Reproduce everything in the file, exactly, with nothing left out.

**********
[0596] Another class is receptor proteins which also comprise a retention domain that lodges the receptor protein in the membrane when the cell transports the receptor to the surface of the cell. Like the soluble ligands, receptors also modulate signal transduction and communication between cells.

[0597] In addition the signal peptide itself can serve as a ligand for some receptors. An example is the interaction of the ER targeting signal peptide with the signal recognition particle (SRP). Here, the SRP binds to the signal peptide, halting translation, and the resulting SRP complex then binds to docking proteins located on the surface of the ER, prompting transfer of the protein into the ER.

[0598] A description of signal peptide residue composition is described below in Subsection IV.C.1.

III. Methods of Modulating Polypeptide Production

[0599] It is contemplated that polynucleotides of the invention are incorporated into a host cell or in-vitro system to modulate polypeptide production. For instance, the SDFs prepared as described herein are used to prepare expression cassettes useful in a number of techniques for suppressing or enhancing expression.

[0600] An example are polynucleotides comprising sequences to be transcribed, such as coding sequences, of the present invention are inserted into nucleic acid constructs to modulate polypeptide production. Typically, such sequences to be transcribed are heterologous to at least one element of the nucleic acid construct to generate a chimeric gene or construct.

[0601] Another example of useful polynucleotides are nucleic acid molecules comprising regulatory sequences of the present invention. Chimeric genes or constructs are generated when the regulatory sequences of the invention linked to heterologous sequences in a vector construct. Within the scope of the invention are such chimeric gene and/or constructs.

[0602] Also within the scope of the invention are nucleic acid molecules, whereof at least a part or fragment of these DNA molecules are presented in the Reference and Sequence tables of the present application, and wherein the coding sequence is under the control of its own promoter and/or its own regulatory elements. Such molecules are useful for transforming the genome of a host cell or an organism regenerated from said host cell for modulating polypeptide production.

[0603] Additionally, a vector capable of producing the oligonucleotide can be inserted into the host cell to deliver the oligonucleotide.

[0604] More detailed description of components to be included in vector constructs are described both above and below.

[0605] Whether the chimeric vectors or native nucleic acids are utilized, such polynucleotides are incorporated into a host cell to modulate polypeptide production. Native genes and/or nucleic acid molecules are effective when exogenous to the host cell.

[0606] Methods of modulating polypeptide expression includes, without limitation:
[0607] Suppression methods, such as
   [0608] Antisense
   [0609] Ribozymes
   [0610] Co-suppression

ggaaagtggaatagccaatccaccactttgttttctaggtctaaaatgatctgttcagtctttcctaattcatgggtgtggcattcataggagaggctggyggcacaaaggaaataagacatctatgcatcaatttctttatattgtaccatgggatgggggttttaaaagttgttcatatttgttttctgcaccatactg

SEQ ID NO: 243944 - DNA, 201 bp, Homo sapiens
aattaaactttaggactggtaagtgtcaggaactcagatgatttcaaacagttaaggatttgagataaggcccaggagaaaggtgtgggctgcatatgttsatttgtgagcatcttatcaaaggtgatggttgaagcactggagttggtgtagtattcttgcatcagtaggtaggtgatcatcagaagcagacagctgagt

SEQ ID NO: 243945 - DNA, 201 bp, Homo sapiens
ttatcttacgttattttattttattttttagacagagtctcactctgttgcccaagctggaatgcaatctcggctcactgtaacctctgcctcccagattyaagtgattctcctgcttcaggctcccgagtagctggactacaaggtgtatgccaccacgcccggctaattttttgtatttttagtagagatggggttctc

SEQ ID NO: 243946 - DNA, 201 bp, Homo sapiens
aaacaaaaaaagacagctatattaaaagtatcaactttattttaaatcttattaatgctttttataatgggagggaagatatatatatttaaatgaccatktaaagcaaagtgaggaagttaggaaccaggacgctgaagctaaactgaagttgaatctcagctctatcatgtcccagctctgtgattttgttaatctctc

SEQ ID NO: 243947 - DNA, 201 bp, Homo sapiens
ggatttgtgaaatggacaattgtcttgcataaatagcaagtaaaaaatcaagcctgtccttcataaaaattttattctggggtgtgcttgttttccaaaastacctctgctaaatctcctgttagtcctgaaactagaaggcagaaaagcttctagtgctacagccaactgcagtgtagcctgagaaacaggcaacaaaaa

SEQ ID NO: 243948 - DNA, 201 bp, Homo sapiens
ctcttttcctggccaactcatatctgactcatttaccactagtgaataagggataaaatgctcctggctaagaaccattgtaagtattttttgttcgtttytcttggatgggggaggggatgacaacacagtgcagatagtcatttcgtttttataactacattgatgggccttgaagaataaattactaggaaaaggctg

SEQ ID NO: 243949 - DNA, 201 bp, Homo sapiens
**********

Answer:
[0596] Another class is receptor proteins which also comprise a retention domain that lodges the receptor protein in the membrane when the cell transports the receptor to the surface of the cell. Like the soluble ligands, receptors also modulate signal transduction and communication between cells.

[0597] In addition the signal peptide itself can serve as a ligand for some receptors. An example is the interaction of the ER targeting signal peptide with the signal recognition particle (SRP). Here, the SRP binds to the signal peptide, halting translation, and the resulting SRP complex then binds to docking proteins located on the surface of the ER, prompting transfer of the protein into the ER.

[0598] A description of signal peptide residue composition is described below in Subsection IV.C.1.

III. Methods of Modulating Polypeptide Production

[0599] It is contemplated that polynucleotides of the invention are incorporated into a host cell or in-vitro system to modulate polypeptide production. For instance, the SDFs prepared as described herein are used to prepare expression cassettes useful in a number of techniques for suppressing or enhancing expression.

[0600] An example are polynucleotides comprising sequences to be transcribed, such as coding sequences, of the present invention are inserted into nucleic acid constructs to modulate polypeptide production. Typically, such sequences to be transcribed are heterologous to at least one element of the nucleic acid construct to generate a chimeric gene or construct.

[0601] Another example of useful polynucleotides are nucleic acid molecules comprising regulatory sequences of the present invention. Chimeric genes or constructs are generated when the regulatory sequences of the invention linked to heterologous sequences in a vector construct. Within the scope of the invention are such chimeric gene and/or constructs.

[0602] Also within the scope of the invention are nucleic acid molecules, whereof at least a part or fragment of these DNA molecules are presented in the Reference and Sequence tables of the present application, and wherein the coding sequence is under the control of its own promoter and/or its own regulatory elements. Such molecules are useful for transforming the genome of a host cell or an organism regenerated from said host cell for modulating polypeptide production.

[0603] Additionally, a vector capable of producing the oligonucleotide can be inserted into the host cell to deliver the oligonucleotide.

[0604] More detailed description of components to be included in vector constructs are described both above and below.

[0605] Whether the chimeric vectors or native nucleic acids are utilized, such polynucleotides are incorporated into a host cell to modulate polypeptide production. Native genes and/or nucleic acid molecules are effective when exogenous to the host cell.

[0606] Methods of modulating polypeptide expression includes, without limitation:
[0607] Suppression methods, such as
   [0608] Antisense
   [0609] Ribozymes
   [0610] Co-suppression

ggaaagtggaatagccaatccaccactttgttttctaggtctaaaatgatctgttcagtctttcctaattcatgggtgtggcattcataggagaggctggyggcacaaaggaaataagacatctatgcatcaatttctttatattgtaccatgggatgggggttttaaaagttgttcatatttgttttctgcaccatactg

SEQ ID NO: 243944 - DNA, 201 bp, Homo sapiens
aattaaactttaggactggtaagtgtcaggaactcagatgatttcaaacagttaaggatttgagataaggcccaggagaaaggtgtgggctgcatatgttsatttgtgagcatcttatcaaaggtgatggttgaagcactggagttggtgtagtattcttgcatcagtaggtaggtgatcatcagaagcagacagctgagt

SEQ ID NO: 243945 - DNA, 201 bp, Homo sapiens
ttatcttacgttattttattttattttttagacagagtctcactctgttgcccaagctggaatgcaatctcggctcactgtaacctctgcctcccagattyaagtgattctcctgcttcaggctcccgagtagctggactacaaggtgtatgccaccacgcccggctaattttttgtatttttagtagagatggggttctc

SEQ ID NO: 243946 - DNA, 201 bp, Homo sapiens
aaacaaaaaaagacagctatattaaaagtatcaactttattttaaatcttattaatgctttttataatgggagggaagatatatatatttaaatgaccatktaaagcaaagtgaggaagttaggaaccaggacgctgaagctaaactgaagttgaatctcagctctatcatgtcccagctctgtgattttgttaatctctc

SEQ ID NO: 243947 - DNA, 201 bp, Homo sapiens
ggatttgtgaaatggacaattgtcttgcataaatagcaagtaaaaaatcaagcctgtccttcataaaaattttattctggggtgtgcttgttttccaaaastacctctgctaaatctcctgttagtcctgaaactagaaggcagaaaagcttctagtgctacagccaactgcagtgtagcctgagaaacaggcaacaaaaa

SEQ ID NO: 243948 - DNA, 201 bp, Homo sapiens
ctcttttcctggccaactcatatctgactcatttaccactagtgaataagggataaaatgctcctggctaagaaccattgtaagtattttttgttcgtttytcttggatgggggaggggatgacaacacagtgcagatagtcatttcgtttttataactacattgatgggccttgaagaataaattactaggaaaaggctg

SEQ ID NO: 243949 - DNA, 201 bp, Homo sapiens